Today’s fish keeping tip: Don’t raise pets that want to eat you. That is just dumb. I will stick with snuggly Boston Terriers and hamsters, thank you very much.

Quote of the Day: “The captain that goes down with his ship often finds it difficult to secure another command.”

I finished reading “Ship It! A Practical Guide to Successful Software Projects” from the Pragmatic Programmers Library by Jared Richardson and William Gwaltney, Jr. I read almost the entire book just today while sitting in the office with just about nothing to do. At least I am able to make good use of the time. Today is actually a very fruitful day for me in my personal educational quests.

I headed for home just a little before three. Boy was it nice to be able to get out of the office so early. I got to the apartment and headed straight for Food for Life to get some lunch / dinner. I tried the Tuna BLT today for the first time which was really awesome. That is one huge sandwich!

Dominica checked the CompTIA A+ exam today (she has been studing for the 2003 exam and as of yesterday the 2006 exam is now available.) She has been hoping that the test will be extended through the end of the month. It has been rumored that some testing locations will offer the exam for the next few weeks. She checked with CompTIA today and it turns out that they are offering both versions of the exam until June 30th! The Lord was really watching over her. Getting ready for the exam in just two weeks would be really tough especially now that we are going to be moving and will be traveling back and forth to Geneseo a lot over the next few months.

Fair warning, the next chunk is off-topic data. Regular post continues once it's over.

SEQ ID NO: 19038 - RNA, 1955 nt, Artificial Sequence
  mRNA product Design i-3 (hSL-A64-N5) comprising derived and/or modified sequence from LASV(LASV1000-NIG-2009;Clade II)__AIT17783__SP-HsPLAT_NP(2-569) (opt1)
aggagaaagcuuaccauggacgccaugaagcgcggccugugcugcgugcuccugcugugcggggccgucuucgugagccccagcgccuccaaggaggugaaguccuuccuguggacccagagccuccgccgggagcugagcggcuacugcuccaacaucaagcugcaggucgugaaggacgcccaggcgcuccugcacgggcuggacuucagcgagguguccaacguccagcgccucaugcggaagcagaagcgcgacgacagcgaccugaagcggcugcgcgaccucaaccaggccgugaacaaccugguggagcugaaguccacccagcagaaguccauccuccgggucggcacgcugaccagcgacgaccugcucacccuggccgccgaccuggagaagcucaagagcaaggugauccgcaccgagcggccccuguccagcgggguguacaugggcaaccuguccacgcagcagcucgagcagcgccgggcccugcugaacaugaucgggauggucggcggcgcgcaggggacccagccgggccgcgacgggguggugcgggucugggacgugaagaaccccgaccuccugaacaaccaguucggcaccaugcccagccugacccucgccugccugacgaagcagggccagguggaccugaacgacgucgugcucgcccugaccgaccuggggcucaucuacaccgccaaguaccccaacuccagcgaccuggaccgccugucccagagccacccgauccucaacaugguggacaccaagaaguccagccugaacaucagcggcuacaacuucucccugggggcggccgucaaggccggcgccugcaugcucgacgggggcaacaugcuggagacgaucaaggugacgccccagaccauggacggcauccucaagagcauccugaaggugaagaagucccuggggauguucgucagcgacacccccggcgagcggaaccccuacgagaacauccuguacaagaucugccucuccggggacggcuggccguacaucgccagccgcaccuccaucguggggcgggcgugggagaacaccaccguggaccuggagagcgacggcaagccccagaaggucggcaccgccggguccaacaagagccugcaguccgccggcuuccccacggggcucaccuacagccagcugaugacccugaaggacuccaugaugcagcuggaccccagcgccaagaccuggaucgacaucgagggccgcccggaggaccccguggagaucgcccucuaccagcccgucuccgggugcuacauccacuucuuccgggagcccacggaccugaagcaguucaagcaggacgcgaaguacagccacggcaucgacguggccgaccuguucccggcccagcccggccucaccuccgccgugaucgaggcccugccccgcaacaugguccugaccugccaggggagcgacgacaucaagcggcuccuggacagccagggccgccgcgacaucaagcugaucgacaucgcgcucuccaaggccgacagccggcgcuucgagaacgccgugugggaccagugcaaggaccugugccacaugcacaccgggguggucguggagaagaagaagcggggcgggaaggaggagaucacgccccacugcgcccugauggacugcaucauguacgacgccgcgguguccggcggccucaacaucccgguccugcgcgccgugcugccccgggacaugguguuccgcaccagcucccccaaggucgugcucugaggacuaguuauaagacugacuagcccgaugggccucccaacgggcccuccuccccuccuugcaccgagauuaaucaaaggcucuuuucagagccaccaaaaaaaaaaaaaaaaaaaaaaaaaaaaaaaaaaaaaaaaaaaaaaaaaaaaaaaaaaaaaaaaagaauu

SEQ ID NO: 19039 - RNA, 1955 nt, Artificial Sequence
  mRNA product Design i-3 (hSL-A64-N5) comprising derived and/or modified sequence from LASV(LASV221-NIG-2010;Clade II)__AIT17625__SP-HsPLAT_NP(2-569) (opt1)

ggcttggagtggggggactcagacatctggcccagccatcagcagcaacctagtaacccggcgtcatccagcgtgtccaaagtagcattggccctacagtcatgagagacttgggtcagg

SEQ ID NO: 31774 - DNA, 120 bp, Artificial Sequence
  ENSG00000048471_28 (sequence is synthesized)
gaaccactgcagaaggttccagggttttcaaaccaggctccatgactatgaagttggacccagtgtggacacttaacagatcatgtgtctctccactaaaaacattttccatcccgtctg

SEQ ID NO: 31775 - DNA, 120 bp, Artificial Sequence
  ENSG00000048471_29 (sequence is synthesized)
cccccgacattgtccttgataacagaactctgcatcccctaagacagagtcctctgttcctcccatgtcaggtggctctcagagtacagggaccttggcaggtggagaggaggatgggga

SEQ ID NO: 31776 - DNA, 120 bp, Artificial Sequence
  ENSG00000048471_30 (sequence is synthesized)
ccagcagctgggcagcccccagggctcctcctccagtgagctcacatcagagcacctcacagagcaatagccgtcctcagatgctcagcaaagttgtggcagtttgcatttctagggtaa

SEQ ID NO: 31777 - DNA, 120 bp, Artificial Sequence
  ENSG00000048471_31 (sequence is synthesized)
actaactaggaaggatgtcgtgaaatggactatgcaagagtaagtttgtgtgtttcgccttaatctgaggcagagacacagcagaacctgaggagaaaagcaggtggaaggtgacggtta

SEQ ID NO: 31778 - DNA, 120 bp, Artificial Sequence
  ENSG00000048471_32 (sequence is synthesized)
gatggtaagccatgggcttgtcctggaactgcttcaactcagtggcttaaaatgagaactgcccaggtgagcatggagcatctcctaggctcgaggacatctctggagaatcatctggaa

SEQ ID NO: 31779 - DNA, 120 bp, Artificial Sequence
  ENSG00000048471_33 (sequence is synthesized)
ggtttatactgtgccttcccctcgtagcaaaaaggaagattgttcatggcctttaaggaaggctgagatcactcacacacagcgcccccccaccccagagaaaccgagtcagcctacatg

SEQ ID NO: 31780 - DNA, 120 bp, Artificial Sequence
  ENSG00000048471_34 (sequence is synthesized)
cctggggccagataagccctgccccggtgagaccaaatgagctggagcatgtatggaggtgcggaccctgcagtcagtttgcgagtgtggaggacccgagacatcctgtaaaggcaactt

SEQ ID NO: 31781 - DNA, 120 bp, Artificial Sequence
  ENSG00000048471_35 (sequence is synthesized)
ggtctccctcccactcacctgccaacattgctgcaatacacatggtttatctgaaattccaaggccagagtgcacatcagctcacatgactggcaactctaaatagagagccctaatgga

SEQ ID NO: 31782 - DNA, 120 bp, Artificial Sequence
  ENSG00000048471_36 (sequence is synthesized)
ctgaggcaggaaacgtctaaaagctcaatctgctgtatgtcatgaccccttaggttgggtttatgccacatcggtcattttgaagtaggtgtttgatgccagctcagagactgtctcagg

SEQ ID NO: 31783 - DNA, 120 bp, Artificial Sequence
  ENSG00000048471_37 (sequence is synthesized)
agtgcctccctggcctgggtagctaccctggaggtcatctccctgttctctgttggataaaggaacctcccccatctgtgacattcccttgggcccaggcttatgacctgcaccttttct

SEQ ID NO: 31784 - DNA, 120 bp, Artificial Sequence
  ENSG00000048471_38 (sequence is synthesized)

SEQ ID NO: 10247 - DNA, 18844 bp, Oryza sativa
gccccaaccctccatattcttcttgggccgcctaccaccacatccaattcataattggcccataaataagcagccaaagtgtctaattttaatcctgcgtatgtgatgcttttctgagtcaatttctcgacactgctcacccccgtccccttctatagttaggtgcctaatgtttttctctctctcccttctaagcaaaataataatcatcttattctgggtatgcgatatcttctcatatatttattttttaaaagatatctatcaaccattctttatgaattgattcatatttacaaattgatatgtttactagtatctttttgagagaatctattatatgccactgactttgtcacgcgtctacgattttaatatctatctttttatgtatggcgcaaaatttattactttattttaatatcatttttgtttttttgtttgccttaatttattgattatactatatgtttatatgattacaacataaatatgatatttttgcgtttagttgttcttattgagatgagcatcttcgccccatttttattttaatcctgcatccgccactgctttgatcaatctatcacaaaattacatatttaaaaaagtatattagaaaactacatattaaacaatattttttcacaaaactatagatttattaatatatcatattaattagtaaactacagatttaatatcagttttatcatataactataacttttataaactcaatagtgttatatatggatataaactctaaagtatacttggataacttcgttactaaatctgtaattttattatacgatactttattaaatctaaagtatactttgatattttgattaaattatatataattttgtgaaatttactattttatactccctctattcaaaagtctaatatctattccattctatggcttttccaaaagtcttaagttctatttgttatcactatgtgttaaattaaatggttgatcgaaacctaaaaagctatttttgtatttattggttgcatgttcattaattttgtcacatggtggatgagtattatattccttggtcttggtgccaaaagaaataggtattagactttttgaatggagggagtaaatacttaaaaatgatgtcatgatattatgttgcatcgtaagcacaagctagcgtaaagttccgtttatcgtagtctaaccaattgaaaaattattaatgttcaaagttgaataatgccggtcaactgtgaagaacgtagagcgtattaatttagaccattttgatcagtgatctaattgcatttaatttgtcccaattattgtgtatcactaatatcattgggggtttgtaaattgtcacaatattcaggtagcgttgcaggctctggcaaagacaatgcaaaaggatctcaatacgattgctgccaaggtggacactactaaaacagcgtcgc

Dominica sent over a good article from Time magazine about Gerald Ford and His Faith.

Dominica and Oreo got home a little before seven and Dominica wanted to watch Disney’s The Gummi Bears to celebrate not having to take her A+ exam right away.  We watched an episode or two and then she got to work on her studying for the evening.  Jonathan Stagno called tonight to say that he just took a new position as a Senior Network Administrator – still is LA where he has been living for over a year now.  We have been hoping to be able to get out there to visit with him and his wife but with the move from Geneseo it is going to be even longer now before we can get out there to visit.  We have lost our opportunity to get to Disney World for a weekend this month like we had been planning on as well.  Planning is such a waste of time I have discovered.

I converted some more movies and television shows over to Xvid so that I can watch them on the Creative Zen Vision W.  We are now starting to convert the classic BBC shows that we love to watch.  We will really start getting some mileage out of the media players once we have BBC shows on them.

I spent the evening working on web site maintenance issues for Andy.  With the rapidly approaching move to Scranton and out of Geneseo there is just so much that needs to be done ASAP.  We are in quite the panic.

Oreo was in a very good mood tonight.  We think that he is very happy to be back home and back at day care.  He had a good time today and has been “smiling” all night since he got home.